Gerald Dempsey

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KNOWN as Gerald to his family and as Eric to others, Gerald Eric Dempsey – who has died age 89 – was partner in the York law firm Hetherton and Dempsey and bred racehorses with considerable success at the Farlington Bridge Stud near Sheriff Hutton, North Yorkshire.

The Dempsey family – mother, father and three boys, he being in the middle – moved to Harrogate from their home in Walthamstow soon after the outbreak of the war.

Excellent cricketers, he and his elder brother Denis both played for Essex Boys, his brother a bowler and he a batsman.

He once captained a side which included Doug Insole, who went on to play Test cricket and later became an England selector and chairman of the Test and County Cricket Board. On this occasion the wicketkeeper suffered an injury and Mr Dempsey asked Doug to take over the gloves. When he refused, his captain promptly ordered him off the field - an indication of the steely side of his character.

After his father, a civil servant, was transferred to Harrogate, he went to Harrogate Grammar School and to his considerable surprise as a Londoner, was asked to captain the school cricket team.

It was in Harrogate that he met Lorna Worfolk, and in 1950 the couple married.

Following in the footsteps of his father who flew with the Royal Flying Corps in the First World War, he joined the RAF and served as a navigator with the Mosquito Squadron of Coastal Command.

One of his RAF colleagues was also called Gerald, and to avoid confusion he decided to use his second name, Eric. From then on he was generally known to his friends and acquaintances by that name.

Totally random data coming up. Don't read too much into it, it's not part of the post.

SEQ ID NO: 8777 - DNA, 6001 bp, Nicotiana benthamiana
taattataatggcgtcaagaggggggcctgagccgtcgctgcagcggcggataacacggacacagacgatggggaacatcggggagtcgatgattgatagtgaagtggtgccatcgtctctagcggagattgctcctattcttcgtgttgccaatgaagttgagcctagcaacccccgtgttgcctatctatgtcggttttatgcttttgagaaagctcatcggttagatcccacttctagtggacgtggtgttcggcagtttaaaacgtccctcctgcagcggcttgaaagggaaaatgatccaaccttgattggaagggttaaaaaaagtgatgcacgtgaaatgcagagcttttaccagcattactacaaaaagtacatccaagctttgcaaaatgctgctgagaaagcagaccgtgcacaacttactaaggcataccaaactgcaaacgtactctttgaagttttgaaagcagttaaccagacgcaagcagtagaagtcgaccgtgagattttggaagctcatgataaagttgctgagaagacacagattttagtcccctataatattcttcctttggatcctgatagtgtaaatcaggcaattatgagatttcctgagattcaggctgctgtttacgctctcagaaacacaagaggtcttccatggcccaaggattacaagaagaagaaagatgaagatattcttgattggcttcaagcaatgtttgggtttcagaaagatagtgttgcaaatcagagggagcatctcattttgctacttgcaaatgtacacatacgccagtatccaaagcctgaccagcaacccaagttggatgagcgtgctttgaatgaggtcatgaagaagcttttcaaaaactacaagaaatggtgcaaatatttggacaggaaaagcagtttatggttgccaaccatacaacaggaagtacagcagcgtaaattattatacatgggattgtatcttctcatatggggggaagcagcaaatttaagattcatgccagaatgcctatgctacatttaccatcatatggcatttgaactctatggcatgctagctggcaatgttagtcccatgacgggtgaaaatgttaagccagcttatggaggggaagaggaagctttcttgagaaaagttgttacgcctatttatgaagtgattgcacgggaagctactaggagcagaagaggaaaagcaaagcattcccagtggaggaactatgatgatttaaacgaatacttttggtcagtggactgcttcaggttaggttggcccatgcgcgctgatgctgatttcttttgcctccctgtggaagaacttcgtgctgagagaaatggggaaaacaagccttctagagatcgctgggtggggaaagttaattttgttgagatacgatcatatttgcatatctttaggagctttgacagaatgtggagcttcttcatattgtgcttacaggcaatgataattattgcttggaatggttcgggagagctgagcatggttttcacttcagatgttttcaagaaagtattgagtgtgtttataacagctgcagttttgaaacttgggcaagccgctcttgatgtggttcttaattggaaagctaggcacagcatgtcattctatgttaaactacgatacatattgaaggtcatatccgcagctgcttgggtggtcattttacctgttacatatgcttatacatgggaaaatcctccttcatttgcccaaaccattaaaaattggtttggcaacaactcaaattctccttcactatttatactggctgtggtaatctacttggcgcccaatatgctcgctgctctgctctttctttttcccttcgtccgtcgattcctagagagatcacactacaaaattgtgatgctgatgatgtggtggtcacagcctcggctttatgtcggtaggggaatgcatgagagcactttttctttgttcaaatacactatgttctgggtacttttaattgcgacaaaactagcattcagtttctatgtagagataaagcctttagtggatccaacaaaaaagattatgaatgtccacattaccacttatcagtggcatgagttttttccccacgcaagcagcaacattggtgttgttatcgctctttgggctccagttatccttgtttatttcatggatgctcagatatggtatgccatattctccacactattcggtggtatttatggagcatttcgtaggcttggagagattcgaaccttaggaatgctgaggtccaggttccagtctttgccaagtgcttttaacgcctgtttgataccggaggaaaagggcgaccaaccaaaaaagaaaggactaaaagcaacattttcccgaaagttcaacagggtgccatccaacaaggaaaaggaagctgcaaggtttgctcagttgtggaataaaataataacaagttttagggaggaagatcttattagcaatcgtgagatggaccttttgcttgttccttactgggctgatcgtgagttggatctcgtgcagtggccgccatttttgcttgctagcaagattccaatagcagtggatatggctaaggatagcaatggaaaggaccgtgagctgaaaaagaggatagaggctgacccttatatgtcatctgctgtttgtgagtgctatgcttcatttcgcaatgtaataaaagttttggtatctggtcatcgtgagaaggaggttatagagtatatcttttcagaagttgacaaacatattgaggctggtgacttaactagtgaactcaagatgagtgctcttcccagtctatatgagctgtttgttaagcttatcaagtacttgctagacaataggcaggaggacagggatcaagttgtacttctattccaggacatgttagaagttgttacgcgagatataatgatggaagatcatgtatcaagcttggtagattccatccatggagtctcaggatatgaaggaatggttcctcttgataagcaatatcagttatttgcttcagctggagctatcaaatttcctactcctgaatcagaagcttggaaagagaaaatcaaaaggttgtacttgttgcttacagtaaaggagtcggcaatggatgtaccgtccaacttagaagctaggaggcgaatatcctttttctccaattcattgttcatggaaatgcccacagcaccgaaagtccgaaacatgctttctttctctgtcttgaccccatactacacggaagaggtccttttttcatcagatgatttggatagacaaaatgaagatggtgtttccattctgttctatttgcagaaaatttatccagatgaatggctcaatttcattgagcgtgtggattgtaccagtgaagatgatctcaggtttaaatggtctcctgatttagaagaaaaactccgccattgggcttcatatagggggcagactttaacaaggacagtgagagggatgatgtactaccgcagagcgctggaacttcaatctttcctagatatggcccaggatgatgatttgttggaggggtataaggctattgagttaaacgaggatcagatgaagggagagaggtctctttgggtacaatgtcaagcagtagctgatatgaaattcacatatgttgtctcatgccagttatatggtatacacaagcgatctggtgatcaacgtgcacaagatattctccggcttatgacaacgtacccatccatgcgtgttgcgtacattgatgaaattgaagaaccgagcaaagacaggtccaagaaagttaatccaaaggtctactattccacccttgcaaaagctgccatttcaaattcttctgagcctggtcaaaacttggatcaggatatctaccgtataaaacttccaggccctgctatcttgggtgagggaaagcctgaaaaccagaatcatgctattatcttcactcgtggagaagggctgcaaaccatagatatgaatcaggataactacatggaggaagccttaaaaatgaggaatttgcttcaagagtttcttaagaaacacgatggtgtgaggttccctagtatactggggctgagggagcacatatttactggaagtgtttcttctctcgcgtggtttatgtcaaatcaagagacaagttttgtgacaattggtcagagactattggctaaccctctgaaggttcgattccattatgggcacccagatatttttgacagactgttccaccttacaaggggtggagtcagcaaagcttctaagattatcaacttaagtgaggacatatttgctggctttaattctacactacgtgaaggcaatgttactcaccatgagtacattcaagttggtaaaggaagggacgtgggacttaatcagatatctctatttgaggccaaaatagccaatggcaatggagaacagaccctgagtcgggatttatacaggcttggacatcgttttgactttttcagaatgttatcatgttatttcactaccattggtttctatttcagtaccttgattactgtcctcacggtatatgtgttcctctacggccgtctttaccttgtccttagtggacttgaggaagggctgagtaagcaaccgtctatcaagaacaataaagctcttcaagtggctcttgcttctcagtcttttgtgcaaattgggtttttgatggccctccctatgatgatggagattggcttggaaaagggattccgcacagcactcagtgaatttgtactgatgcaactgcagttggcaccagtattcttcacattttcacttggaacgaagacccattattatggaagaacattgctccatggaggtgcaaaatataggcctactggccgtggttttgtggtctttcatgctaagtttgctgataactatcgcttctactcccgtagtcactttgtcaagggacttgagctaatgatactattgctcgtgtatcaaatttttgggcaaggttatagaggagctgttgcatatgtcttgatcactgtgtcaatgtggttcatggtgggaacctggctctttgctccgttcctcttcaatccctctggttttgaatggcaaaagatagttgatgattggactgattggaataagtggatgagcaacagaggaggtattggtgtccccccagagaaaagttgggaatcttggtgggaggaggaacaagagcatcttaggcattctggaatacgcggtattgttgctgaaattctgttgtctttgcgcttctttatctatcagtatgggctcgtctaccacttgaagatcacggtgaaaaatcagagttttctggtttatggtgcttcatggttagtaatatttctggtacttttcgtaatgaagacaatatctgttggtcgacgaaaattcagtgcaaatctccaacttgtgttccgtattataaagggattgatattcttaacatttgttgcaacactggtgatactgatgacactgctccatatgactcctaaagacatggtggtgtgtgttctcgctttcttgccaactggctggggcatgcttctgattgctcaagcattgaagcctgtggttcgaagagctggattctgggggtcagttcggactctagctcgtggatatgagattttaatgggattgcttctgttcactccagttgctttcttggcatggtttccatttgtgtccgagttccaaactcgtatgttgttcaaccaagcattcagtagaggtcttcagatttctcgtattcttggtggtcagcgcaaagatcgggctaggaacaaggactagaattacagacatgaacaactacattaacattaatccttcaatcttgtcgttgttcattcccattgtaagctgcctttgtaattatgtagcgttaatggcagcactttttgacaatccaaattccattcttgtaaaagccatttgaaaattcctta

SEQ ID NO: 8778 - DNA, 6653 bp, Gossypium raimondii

Before demobilisation he was for a time RAF passenger and freight officer at Prestwick civil airport in Scotland.

The Dempsey family moved to Newcastle after the war and he completed an arts degree at St Andrew’s University, then studying law at Durham University.

Qualifying as a solicitor, he first practised in Newcastle then moved to York where he and Noel Hetherton founded a practice in Castlegate.

Both partners shared a keen interest in horse racing.

Mr Hetherton had horses in training with Bill Elsey at Malton and enjoyed notable successes at Royal Ascot and the Cheltenham Festival with Tantivy and Past Glories respectively.

Meanwhile Mr Dempsey set up the Farlington Bridge Stud in partnership with Norman Fishwick who was landlord of the local pub, the Blackmith’s Arms - now run by Simon Lorimer, son of Leeds United legend Peter Lorimer.

They bought two mares, Grovenka and Sambell, at Doncaster Sales for an outlay of £800.

Their first success came in 1979 when Grovenka’s first foal at the stud - Midnight Rover - won a handicap at Newmarket.

Grovenka’s next foal, Sandra’s Secret, notched up five wins in 1980 including a victory at the York Ebor meeting. In her final win at Warwick she was ridden by Lester Piggott.

Further success came via Sambell who produced Sammy Waters (winner of two races in 1981 at Pontefract and York) and also House Hunter (winner of seven races including the Brighton Challenge Cup in 1985) and Sound Work (winner of three races).

As an owner, Mr Dempsey had many winners, mostly in partnership, and latterly he had horses trained by Tim Walford at Sheriff Hutton. He also had success as a member of the Highclere syndicate based at the mansion near Newbury which is best known these days as the setting for Downton Abbey.

The high point of his association with Highclere was as a member of the syndicate which owned Petrushka, trained at Newmarket by Sir Michael Stoute. She was named champion filly of Europe in 2000 after successive victories in the Irish Oaks, the Yorkshire Oaks and the Prix de l’Opera at Longchamp, ridden each time by the Irish jockey Johnny Murtagh.

Mr Dempsey, a tall, distinguished figure, lived life to the full and had a fund of entertaining anecdotes. He travelled widely at home and abroad including trips to the USA, Canada, Australia, Russia, Japan, India, Kashmir, Malaysia, Bali, Egypt, Dubai, Sarawak and Singapore.

For more than 20 years he lived in Easingwold.

His wife died in 1997 and he is survived by their two sons, Ian and Derek, their daughter Ruth, eight grandchildren and five great-grandchildren and his younger brother Rex.